The 385-acres of the Chicago Botanic Garden (CBG) could not be maintained without the work of dedicated staff, hundreds of volunteers, and careful data management. During my residency at CBG, my mentor, Leora Siegel, arranged an introductory meeting with the head of the Living Plant Documentation, Boyce Tankersley, to help me understand how the management of over 2.6 million plants is possible.
One of the few botanic gardens with AAM (American Alliance of Museums) accreditation, the Chicago Botanic Garden maintains records much like museums do, however, the collection items at CBG happen to be living (and thus can die, move, create new items, etc.). Each plant that enters the collection is given an accession number and deemed to be a member of the permanent collection or given “seasonal” status as a part of a temporary collection (like the orchids that were on view in the orchid show that closed at the end of March). This data is all managed through an internal database.
The records that are associated with the plants hold information about “each plant’s scientific name, common name, plant family, growth habit, origin, location, and ornamental characteristics.1” The information is linked to reference material located in the CBG’s Lenhardt Library. Most of this information is passed on to the garden app, GardenGuide, and the web applications, What’s in Bloom and Plant Finder. The app can be used to locate plants in the garden (with a location accuracy within centimeters) and provides images of the plant provided by the Digital Photography team.
The Digital Photography team of Living Plant Documentation is led and run by a group of volunteers. What started as an identification aid for volunteers updating information for What’s in Bloom, turned into a huge set of photographs that serve as a “digital herbarium” for distance researchers. Dorothy Peck, Digital Photography team leader and CBG volunteer, leads a small team of volunteers to photograph plants from established viewpoints. The team worked with researchers to learn which viewpoints are important for which types of species (all plants will have photos with their location and habitat areas, the detail images and orientation of flower, leaf, root, etc. can vary from there). The collection of images can then be sent to distant researchers to professionally identify the species and research the data at important life stages. Additionally, images from CBG are shared with the Encyclopedia of Life, a digital encyclopedia of all living species. These images also aid the volunteers that work on the garden signage. Plant labels are made in house and distributed across the garden to help visitors identify plants by scientific and common names. The signs have to be maintained for accuracy throughout seasonal changes.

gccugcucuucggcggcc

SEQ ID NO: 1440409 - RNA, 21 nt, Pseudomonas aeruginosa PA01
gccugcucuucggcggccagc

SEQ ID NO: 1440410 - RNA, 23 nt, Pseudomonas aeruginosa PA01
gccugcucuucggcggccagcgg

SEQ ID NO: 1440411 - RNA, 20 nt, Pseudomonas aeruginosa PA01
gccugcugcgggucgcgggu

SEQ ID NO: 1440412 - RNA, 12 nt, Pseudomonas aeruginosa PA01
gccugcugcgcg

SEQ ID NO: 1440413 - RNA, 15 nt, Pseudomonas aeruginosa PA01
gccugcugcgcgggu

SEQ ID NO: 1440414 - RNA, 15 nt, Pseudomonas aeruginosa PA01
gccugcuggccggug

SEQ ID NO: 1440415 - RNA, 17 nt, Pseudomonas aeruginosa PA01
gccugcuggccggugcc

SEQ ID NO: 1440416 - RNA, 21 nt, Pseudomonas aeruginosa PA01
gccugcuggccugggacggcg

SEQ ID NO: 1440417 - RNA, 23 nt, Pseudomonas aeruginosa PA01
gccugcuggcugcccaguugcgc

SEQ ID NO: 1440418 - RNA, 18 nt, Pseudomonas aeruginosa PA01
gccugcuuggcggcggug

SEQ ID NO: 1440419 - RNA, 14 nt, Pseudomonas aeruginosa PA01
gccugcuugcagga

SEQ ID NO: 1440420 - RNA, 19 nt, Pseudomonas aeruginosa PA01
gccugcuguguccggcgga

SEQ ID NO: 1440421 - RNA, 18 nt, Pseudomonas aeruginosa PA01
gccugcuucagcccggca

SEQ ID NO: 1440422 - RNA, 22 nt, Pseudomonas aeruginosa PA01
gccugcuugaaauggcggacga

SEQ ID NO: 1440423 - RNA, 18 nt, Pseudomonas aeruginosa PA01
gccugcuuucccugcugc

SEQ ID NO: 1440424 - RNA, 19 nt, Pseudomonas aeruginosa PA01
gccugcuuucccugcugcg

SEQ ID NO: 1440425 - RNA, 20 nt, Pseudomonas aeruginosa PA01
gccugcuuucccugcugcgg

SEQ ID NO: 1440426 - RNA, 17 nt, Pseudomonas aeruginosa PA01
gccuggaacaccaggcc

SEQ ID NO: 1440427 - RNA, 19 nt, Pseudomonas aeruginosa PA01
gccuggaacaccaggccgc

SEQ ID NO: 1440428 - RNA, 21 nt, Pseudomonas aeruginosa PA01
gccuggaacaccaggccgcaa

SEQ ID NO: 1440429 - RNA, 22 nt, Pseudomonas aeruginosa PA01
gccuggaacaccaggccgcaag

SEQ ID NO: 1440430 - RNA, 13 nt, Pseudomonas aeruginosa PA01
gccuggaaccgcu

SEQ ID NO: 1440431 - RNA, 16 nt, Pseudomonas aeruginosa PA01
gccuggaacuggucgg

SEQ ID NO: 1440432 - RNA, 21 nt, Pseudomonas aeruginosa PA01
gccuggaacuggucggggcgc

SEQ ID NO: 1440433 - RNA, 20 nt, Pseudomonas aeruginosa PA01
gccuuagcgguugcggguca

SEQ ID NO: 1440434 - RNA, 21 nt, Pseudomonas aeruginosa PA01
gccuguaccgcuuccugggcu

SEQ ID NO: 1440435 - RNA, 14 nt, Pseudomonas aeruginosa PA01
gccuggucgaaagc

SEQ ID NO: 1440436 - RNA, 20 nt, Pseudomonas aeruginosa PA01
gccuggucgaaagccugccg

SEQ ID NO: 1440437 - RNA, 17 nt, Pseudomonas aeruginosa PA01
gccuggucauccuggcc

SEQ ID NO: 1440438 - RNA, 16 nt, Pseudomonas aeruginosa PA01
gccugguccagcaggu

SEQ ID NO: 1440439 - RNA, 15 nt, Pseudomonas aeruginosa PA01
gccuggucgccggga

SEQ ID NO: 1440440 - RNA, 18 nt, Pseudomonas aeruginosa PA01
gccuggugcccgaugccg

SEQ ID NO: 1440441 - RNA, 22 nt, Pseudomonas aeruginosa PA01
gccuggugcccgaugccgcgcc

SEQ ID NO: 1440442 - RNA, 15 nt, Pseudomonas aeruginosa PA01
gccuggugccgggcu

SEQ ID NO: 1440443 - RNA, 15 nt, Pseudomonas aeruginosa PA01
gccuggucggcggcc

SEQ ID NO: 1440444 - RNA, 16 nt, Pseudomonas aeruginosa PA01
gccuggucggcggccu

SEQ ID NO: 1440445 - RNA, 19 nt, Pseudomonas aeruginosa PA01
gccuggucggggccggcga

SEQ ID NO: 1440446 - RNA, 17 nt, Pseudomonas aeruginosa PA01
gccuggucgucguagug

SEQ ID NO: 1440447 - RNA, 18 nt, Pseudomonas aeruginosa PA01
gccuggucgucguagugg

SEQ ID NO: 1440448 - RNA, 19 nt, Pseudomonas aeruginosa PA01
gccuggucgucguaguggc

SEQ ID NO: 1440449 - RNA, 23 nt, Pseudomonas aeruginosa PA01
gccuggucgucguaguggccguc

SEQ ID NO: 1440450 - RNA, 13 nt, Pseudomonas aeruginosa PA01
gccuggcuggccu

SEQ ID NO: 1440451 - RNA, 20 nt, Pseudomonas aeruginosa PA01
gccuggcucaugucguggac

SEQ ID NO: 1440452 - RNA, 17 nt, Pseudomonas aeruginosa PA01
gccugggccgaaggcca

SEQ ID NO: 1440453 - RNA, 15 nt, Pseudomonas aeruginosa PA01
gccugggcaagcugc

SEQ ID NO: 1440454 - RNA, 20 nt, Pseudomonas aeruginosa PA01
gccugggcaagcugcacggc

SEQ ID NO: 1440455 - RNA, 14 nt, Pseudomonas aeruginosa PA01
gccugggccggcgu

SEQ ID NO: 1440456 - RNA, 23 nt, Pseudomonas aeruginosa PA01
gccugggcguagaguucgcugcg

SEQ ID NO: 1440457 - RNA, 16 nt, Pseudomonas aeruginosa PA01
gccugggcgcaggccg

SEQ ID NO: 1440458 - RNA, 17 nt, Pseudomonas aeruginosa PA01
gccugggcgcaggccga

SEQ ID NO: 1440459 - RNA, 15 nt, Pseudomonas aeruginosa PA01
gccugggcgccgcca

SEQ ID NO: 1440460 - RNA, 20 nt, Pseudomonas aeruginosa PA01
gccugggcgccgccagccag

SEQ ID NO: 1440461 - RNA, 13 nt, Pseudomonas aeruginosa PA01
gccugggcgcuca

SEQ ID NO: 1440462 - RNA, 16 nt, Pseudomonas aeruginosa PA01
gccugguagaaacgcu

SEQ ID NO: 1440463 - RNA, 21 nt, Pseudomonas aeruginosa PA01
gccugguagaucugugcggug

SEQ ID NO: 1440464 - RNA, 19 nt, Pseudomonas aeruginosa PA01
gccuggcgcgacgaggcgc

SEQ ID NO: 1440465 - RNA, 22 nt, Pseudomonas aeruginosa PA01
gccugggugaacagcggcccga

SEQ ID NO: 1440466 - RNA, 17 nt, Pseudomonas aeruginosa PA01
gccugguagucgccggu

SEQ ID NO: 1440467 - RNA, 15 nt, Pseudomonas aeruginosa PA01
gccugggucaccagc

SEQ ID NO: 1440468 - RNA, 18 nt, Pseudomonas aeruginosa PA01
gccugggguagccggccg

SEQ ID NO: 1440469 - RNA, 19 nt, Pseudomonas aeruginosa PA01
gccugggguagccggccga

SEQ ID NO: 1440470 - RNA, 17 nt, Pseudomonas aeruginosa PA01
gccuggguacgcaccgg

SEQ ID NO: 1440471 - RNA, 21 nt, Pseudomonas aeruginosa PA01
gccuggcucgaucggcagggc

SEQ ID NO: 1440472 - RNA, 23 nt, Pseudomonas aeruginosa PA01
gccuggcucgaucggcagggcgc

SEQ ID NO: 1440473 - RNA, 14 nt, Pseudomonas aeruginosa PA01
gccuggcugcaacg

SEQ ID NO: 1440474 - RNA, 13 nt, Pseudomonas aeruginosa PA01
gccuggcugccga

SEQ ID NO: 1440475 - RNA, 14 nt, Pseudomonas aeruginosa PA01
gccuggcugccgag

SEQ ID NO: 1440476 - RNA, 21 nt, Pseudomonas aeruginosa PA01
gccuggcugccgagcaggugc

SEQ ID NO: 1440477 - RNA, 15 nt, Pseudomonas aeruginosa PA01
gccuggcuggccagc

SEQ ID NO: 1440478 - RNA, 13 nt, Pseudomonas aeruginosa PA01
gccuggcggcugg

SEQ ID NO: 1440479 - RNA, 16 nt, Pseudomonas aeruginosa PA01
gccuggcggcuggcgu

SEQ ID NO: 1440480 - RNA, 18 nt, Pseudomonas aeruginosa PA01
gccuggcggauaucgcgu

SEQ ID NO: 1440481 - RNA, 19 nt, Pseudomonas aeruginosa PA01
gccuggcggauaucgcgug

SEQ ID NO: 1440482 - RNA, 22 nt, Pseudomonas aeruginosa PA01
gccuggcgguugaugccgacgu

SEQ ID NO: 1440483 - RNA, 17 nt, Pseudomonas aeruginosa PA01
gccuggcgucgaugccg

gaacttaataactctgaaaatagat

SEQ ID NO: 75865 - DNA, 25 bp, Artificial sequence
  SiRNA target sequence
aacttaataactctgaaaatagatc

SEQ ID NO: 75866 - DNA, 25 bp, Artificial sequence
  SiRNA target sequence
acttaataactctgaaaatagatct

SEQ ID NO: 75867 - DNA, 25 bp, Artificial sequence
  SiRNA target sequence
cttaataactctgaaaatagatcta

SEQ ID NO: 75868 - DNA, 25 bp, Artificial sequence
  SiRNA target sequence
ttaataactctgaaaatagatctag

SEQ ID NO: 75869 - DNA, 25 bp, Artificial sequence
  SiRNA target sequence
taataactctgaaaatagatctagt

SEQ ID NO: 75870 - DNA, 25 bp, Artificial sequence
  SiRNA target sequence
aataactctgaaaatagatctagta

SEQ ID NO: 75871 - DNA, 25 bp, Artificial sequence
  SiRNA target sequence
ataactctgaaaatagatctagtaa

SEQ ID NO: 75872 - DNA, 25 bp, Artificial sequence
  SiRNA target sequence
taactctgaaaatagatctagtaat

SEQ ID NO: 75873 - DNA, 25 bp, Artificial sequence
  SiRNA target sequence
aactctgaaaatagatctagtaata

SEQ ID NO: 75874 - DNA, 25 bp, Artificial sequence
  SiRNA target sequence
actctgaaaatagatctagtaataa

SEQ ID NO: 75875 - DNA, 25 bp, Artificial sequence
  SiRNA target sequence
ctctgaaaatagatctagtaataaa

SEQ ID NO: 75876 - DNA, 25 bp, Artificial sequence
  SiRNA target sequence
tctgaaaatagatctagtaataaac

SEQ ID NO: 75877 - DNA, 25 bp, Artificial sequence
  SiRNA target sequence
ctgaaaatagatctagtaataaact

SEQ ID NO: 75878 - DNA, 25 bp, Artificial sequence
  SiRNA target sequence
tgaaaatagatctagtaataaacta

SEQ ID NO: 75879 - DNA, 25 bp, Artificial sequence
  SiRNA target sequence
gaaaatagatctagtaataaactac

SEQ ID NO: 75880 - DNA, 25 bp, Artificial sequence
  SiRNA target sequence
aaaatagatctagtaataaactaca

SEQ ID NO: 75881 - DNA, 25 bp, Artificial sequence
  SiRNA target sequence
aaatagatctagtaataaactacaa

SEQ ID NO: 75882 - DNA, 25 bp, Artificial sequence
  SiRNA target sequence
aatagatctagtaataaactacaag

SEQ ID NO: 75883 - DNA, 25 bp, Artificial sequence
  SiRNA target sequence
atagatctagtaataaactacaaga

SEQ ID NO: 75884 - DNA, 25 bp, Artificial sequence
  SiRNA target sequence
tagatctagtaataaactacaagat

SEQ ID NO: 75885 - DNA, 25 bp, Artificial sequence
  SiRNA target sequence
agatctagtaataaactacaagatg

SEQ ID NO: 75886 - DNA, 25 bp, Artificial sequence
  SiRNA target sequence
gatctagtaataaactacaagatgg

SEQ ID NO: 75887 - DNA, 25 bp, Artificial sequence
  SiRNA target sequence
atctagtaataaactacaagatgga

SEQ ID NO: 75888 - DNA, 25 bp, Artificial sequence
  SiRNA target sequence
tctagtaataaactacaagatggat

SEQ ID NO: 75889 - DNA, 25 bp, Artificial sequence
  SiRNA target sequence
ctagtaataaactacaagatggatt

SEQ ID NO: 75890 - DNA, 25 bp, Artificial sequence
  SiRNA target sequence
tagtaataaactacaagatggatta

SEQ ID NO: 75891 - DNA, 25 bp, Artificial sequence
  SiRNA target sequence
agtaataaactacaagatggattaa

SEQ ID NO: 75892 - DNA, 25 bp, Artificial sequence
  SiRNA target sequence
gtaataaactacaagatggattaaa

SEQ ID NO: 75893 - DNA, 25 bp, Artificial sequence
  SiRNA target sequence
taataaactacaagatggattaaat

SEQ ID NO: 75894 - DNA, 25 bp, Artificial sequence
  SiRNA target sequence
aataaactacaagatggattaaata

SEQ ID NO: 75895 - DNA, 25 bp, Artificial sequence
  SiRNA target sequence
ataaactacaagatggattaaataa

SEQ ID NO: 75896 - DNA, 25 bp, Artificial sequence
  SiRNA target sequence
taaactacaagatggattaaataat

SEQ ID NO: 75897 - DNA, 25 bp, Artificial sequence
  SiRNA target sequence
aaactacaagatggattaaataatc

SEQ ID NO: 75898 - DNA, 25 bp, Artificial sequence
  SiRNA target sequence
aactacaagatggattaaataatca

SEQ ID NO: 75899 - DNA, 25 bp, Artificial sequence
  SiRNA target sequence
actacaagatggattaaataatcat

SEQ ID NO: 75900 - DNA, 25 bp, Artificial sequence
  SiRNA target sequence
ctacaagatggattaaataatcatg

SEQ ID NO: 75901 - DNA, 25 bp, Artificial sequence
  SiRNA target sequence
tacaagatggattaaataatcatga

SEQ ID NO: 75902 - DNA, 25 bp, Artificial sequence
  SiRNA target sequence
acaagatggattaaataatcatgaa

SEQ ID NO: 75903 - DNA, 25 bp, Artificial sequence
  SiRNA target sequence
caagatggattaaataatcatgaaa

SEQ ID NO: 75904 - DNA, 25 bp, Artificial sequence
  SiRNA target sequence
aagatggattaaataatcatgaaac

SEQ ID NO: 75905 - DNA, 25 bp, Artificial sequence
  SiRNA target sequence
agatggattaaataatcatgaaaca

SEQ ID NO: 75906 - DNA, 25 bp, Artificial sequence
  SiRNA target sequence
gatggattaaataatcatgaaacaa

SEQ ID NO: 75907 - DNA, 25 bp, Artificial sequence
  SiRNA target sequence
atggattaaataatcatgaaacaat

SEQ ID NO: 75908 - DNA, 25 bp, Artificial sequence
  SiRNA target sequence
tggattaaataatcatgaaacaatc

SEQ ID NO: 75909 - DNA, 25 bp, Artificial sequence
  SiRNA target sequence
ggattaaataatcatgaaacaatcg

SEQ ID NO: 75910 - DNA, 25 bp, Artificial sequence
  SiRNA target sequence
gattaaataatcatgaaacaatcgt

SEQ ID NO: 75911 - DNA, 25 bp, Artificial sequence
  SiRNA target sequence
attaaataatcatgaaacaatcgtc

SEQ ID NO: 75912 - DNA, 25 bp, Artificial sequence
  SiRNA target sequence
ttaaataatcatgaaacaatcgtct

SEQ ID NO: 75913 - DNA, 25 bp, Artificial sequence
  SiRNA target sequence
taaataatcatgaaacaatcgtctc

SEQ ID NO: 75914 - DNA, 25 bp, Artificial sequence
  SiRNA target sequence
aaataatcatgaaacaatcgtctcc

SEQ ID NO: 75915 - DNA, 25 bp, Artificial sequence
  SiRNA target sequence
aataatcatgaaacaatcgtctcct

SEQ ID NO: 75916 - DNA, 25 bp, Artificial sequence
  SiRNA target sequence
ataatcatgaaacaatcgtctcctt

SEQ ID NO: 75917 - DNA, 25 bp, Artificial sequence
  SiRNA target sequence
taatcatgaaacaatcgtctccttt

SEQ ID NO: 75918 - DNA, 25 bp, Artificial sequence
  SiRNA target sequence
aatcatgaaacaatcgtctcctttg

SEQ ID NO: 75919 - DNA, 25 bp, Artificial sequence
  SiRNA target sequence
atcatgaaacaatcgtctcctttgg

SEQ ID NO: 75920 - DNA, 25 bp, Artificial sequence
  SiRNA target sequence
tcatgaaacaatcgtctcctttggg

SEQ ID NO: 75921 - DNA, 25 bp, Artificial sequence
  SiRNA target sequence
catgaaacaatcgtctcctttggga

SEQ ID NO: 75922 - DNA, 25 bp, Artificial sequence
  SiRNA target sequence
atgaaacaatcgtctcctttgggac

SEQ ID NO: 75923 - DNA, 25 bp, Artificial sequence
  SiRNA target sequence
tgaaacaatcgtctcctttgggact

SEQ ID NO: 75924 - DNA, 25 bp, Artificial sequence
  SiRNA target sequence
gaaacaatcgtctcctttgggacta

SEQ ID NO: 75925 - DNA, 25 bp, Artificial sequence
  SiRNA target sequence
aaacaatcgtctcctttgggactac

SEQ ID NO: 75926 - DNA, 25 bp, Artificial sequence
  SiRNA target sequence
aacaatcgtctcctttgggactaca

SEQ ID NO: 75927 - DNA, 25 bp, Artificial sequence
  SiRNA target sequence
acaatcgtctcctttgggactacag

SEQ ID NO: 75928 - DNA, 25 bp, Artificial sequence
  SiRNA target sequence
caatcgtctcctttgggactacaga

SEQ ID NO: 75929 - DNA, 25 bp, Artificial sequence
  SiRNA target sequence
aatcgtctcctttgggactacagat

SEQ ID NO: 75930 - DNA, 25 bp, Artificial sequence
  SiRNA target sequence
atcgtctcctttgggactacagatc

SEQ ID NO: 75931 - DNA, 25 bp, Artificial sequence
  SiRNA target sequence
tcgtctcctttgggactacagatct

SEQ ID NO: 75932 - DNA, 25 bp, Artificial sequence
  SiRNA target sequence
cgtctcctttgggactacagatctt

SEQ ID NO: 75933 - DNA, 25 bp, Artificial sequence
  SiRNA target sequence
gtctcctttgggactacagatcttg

In addition to the plant data, Living Plant Documentation manages garden weather data and soil data. This information is valuable to researchers who want to gauge changes over the years and so garden staff can improve growing techniques that promote soil health.
The plant database is a huge resource for information about plants in the garden, additionally, the garden staff interacts with the database to place plant orders which can be tracked from request, to approval and receipt to installation. If anything gets lost or changed along the way, there are records to consult for clarification.
It was exciting to see the amount of data managed by the Living Plant Documentation department and to hear we share similar goals about maintaining clean and interoperable data that works with multiple biodiversity resources.
In other news: the NDSR BHL residents gave our first presentation last week at DPLAFest in Chicago. This week we prepare to present again at NDSR Symposium in DC! Stay tuned for our reflections from both of these conferences.